- Directed By: Stephen Kessler
- Written By: Elisa Bell
- Release Date: February 14, 1997
- Domestic Distributor: Warner Bros
- Cast: Chevy Chase, Beverly D’Angelo, Randy Quaid
Box Office Info:
|Budget: $25 million
|Financed by: Warner Bros
|Domestic Box Office: $36,400,360
|Overseas Box Office: $927,232
“When I was making Vegas Vacation, I really wanted to make it a return to the old Chevy Chase that I loved, but for various reasons, it didn’t work. There are moments that are exactly what Mike Wilkins and I had in mind, but there was too much studio involvement.”
–Director Stephen Kessler
Vegas Vacation was the fourth Vacation installment and its failure killed the big screen franchise until it was rebooted in 2015. This hack job went into production so Chevy Chase would avoid a lawsuit to fulfill a $23M three-picture deal he had with Warner Bros. His previous two WB movies were the flop Memoirs of an Invisible Man (1992) and the disaster Nothing But Trouble (1991). Chase had script approval over his projects in the deal and kept rejecting the screenplays sent his way, until he agreed to topline Vegas Vacation to stay out of court.
Chase’s career was running on fumes and he was slumming it in godawful family comedies Man of the House (1995) and Cops and Robbersons (1994). Vegas Vacation was also retooled into a PG rated family comedy, after the series starter Vacation (1983) sported a R rating and European Vacation (1985) & Christmas Vacation (1989) both landed PG-13 certificates. Vegas Vacation would mark the last studio movie to topline Chevy Chase.
The budget for Vegas Vacation was an estimated $25 million and Warner Bros fully financed. It was dated for February 14, 1997. WB decided to market the movie without the possessive ‘National Lampoon’s’ credit in the title, as the label had not seen a hit since National Lampoon’s Christmas Vacation. This lazy cash grab sequel was not screened for critics and the reviews that eventually posted were dreadful. It bowed against Absolute Power, Fools Rush In, That Darn Cat and Dangerous Ground.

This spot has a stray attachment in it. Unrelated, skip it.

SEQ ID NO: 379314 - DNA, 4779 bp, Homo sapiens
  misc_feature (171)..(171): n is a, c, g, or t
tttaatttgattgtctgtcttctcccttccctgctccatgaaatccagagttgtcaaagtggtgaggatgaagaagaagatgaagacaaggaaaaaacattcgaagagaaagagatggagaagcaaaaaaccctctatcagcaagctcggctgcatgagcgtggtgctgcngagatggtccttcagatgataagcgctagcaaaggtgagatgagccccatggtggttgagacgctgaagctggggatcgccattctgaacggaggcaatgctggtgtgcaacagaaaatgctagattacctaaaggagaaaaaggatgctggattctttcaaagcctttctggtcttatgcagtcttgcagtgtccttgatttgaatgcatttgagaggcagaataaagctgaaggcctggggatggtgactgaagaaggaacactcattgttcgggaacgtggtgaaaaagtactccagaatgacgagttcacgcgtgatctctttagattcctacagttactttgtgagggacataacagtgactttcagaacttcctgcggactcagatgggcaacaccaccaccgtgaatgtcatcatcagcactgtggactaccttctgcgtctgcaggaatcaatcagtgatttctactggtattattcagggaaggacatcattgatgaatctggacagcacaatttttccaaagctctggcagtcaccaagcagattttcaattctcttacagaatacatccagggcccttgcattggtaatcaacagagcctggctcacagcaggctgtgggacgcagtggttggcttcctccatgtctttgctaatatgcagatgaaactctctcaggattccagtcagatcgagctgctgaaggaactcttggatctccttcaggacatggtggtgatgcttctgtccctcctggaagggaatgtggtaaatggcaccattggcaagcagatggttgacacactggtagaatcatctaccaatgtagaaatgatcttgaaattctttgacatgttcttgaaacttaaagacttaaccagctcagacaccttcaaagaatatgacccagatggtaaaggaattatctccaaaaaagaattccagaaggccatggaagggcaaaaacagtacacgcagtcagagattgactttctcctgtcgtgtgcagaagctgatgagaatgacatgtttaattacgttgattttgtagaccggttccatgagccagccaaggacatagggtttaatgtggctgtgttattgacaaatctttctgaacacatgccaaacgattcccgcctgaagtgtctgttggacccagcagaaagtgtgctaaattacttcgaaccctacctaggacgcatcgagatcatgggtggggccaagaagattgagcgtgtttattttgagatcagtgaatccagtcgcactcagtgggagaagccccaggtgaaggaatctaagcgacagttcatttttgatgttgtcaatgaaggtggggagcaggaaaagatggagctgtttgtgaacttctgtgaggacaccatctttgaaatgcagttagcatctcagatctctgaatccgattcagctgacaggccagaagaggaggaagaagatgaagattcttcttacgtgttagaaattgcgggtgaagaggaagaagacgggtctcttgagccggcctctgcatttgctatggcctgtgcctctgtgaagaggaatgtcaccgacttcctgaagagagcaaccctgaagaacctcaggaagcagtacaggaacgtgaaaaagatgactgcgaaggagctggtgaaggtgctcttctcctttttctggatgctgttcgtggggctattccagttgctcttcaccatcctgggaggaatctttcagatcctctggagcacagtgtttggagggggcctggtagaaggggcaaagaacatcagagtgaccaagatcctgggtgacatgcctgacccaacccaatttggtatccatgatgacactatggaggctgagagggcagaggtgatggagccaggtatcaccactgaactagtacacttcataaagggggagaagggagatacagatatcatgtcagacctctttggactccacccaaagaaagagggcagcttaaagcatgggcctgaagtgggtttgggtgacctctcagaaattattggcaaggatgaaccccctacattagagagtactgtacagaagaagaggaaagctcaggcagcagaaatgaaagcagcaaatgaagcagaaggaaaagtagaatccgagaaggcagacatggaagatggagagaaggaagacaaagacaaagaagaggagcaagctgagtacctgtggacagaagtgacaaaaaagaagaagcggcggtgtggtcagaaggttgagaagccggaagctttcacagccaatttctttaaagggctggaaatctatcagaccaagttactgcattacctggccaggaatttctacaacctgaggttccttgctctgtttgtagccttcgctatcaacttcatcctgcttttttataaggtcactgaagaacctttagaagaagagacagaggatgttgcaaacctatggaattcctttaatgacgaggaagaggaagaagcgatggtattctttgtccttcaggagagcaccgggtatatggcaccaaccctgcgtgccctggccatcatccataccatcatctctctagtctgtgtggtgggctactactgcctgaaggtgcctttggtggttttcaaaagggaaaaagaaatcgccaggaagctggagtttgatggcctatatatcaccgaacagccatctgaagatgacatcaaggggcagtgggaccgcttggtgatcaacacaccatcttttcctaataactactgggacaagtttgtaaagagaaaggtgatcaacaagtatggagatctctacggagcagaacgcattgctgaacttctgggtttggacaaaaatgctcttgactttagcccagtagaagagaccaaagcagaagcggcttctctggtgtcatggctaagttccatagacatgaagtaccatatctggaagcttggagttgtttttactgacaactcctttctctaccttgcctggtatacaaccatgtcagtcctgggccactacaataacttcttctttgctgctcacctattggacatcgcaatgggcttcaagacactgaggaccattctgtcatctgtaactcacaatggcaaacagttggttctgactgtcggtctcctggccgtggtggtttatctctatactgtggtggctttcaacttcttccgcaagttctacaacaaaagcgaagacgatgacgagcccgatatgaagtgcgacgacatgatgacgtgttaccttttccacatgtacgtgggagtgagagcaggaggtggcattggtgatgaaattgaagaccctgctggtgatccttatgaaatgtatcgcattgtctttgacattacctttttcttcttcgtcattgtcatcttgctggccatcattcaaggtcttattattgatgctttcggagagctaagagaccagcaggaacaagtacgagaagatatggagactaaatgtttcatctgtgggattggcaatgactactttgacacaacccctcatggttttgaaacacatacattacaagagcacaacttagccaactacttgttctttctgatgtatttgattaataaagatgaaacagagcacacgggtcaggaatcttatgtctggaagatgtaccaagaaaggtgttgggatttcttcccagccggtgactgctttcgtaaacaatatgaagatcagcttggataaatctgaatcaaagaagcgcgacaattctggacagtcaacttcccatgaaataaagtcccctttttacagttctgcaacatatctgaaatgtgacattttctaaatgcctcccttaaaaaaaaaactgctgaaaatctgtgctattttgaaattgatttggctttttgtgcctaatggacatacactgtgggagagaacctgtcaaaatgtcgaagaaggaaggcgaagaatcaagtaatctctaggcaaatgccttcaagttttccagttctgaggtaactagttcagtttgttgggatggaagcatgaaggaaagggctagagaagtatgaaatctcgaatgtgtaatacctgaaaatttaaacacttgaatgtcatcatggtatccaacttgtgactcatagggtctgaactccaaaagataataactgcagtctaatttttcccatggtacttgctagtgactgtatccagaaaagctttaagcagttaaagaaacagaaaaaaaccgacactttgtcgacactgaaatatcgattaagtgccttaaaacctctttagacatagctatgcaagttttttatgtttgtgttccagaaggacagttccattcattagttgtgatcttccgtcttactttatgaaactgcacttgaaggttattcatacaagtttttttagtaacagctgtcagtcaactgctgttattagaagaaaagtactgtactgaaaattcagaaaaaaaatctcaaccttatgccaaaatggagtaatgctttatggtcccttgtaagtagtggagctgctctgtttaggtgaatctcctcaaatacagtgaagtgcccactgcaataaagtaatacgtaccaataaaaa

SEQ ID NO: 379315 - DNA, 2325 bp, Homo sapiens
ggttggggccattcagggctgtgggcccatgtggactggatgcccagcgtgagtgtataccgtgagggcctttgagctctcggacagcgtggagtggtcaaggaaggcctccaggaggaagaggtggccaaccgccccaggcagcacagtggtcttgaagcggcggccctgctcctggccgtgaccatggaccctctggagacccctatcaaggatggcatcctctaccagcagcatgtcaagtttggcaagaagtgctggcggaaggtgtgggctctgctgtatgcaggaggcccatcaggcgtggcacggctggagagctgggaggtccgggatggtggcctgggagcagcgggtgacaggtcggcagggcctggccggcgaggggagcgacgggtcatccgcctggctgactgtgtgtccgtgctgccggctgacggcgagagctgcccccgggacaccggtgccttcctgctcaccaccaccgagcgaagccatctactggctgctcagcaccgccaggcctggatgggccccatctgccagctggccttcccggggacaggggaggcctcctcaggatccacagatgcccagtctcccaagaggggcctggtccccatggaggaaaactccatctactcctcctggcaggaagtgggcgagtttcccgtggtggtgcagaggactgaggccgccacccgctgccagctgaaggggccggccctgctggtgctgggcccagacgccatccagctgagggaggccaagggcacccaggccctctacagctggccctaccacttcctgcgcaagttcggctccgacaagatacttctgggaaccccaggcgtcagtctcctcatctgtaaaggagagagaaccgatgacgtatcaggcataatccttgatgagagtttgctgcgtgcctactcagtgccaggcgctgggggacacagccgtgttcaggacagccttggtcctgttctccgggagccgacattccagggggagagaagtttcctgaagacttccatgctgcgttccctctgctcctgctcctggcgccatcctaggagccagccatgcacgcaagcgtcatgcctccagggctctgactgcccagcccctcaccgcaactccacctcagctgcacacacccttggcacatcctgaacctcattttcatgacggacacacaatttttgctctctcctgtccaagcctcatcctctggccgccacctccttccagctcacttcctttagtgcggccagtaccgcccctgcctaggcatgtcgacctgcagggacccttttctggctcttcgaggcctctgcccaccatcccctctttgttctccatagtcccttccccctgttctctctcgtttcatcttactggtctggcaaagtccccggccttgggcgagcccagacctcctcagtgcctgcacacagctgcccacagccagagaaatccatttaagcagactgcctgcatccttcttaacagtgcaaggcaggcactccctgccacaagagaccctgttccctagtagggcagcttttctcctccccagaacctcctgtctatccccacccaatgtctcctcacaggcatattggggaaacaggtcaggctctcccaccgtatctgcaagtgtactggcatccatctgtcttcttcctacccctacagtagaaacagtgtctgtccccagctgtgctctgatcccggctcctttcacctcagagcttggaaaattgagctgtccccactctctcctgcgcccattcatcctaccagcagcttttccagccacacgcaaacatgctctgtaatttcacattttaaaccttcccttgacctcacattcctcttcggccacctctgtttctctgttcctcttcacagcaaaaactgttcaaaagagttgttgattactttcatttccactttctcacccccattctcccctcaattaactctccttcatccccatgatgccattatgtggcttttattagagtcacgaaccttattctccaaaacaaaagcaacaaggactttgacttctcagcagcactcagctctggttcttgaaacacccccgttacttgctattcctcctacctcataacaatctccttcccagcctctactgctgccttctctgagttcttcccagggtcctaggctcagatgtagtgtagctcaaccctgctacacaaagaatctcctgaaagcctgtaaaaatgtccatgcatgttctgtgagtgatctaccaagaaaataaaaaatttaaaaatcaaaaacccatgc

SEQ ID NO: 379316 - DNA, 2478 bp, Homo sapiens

Vegas Vacation opened with a soft $12,837,927 — placing #4 for the weekend led by the re-release of Star Wars. It declined 49% to $6,549,243 in its second frame and posted a modest 30.4% dip in attendance to $4,558,084 in its third session. The domestic run closed with a franchise ending $36,400,360. WB would see returned about $20M after theaters take their percentage of the gross — which would almost cover P&A expenses, but the theatrical receipts would not dent the budget.
WB dumped Vegas Vacation straight to video in almost every offshore market. It pulled in just $927,232 from a fleeting release in a few countries. Veteran producer Jerry Weintraub hit a major rough patch in his career while stationed at Warner Bros, which kicked off with Vegas Vacation and then two 1998 box office disasters The Avengers and Soldier.